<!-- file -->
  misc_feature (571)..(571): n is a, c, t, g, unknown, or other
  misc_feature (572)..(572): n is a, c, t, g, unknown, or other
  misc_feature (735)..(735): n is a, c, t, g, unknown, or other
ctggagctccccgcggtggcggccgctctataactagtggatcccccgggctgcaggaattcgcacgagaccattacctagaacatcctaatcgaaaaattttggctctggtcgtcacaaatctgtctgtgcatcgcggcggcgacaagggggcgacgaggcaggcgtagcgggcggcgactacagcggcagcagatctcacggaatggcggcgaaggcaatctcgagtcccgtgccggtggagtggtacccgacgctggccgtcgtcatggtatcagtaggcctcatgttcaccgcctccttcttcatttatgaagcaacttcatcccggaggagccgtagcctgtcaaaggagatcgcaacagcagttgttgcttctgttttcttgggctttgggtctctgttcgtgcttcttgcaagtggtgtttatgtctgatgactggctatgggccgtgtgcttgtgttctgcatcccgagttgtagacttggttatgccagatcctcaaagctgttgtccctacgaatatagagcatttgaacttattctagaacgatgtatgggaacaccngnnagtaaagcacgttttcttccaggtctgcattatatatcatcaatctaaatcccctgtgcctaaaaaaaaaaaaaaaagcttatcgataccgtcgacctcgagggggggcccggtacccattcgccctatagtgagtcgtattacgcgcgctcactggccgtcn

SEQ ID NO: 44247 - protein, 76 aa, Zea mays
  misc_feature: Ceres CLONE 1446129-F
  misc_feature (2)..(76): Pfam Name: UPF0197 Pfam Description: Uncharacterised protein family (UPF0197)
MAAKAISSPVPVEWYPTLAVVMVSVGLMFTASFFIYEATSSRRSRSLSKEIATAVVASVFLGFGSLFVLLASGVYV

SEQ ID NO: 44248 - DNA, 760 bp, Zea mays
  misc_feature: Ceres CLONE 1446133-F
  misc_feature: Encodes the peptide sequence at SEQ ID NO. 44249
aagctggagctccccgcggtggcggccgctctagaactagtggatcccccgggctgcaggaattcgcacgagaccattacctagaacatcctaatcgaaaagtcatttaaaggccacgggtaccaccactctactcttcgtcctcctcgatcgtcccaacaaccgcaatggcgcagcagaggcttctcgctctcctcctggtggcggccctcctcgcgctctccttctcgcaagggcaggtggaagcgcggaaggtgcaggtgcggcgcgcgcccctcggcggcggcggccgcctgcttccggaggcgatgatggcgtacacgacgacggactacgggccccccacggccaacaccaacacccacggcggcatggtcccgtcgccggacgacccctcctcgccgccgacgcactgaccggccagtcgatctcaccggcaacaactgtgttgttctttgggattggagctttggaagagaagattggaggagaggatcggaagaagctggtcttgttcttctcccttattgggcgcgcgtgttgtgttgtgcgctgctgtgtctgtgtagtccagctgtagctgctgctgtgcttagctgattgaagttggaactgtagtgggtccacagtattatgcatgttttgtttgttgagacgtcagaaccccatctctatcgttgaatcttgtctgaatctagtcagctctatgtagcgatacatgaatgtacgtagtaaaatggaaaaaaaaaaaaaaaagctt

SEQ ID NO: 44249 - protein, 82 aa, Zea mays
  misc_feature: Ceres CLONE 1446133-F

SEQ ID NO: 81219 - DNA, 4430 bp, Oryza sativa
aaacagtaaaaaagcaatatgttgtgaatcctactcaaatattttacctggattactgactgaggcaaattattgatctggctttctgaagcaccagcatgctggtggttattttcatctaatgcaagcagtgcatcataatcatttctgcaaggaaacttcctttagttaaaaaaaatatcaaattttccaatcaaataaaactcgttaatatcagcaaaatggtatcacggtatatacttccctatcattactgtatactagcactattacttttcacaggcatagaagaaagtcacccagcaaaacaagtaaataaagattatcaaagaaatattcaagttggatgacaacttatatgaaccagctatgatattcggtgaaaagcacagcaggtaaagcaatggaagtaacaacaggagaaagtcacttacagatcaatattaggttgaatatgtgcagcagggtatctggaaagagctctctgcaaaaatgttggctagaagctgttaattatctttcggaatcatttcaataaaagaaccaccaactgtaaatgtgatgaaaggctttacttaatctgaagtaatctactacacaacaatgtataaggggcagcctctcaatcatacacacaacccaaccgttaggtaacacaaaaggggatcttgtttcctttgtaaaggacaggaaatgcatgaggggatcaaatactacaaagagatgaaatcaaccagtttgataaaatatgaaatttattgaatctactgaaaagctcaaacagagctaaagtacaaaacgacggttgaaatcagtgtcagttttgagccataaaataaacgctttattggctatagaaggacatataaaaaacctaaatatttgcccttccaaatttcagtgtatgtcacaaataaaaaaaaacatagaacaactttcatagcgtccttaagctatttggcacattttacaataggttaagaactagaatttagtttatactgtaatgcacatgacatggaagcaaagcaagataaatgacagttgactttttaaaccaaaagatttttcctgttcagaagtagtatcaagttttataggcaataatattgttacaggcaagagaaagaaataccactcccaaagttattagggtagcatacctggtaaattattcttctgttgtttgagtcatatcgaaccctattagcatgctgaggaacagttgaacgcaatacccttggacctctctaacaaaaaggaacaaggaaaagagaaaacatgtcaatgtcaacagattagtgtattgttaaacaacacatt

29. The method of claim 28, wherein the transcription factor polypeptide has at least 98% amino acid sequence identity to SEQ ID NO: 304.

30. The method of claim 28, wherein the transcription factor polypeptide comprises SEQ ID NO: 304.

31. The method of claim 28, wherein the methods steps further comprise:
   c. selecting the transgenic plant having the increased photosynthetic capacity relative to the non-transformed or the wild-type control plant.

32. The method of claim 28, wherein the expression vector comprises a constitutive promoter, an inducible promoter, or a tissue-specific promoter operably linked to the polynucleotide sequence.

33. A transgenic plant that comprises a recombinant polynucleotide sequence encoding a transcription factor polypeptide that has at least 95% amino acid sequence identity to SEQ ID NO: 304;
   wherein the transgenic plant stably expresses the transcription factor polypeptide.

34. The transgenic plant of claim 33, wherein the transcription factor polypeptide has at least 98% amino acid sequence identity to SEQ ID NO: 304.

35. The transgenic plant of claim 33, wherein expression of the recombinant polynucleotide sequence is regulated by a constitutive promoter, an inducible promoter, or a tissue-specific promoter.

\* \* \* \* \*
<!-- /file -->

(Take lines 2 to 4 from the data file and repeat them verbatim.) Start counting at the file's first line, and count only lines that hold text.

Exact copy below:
  misc_feature (572)..(572): n is a, c, t, g, unknown, or other
  misc_feature (735)..(735): n is a, c, t, g, unknown, or other
ctggagctccccgcggtggcggccgctctataactagtggatcccccgggctgcaggaattcgcacgagaccattacctagaacatcctaatcgaaaaattttggctctggtcgtcacaaatctgtctgtgcatcgcggcggcgacaagggggcgacgaggcaggcgtagcgggcggcgactacagcggcagcagatctcacggaatggcggcgaaggcaatctcgagtcccgtgccggtggagtggtacccgacgctggccgtcgtcatggtatcagtaggcctcatgttcaccgcctccttcttcatttatgaagcaacttcatcccggaggagccgtagcctgtcaaaggagatcgcaacagcagttgttgcttctgttttcttgggctttgggtctctgttcgtgcttcttgcaagtggtgtttatgtctgatgactggctatgggccgtgtgcttgtgttctgcatcccgagttgtagacttggttatgccagatcctcaaagctgttgtccctacgaatatagagcatttgaacttattctagaacgatgtatgggaacaccngnnagtaaagcacgttttcttccaggtctgcattatatatcatcaatctaaatcccctgtgcctaaaaaaaaaaaaaaaagcttatcgataccgtcgacctcgagggggggcccggtacccattcgccctatagtgagtcgtattacgcgcgctcactggccgtcn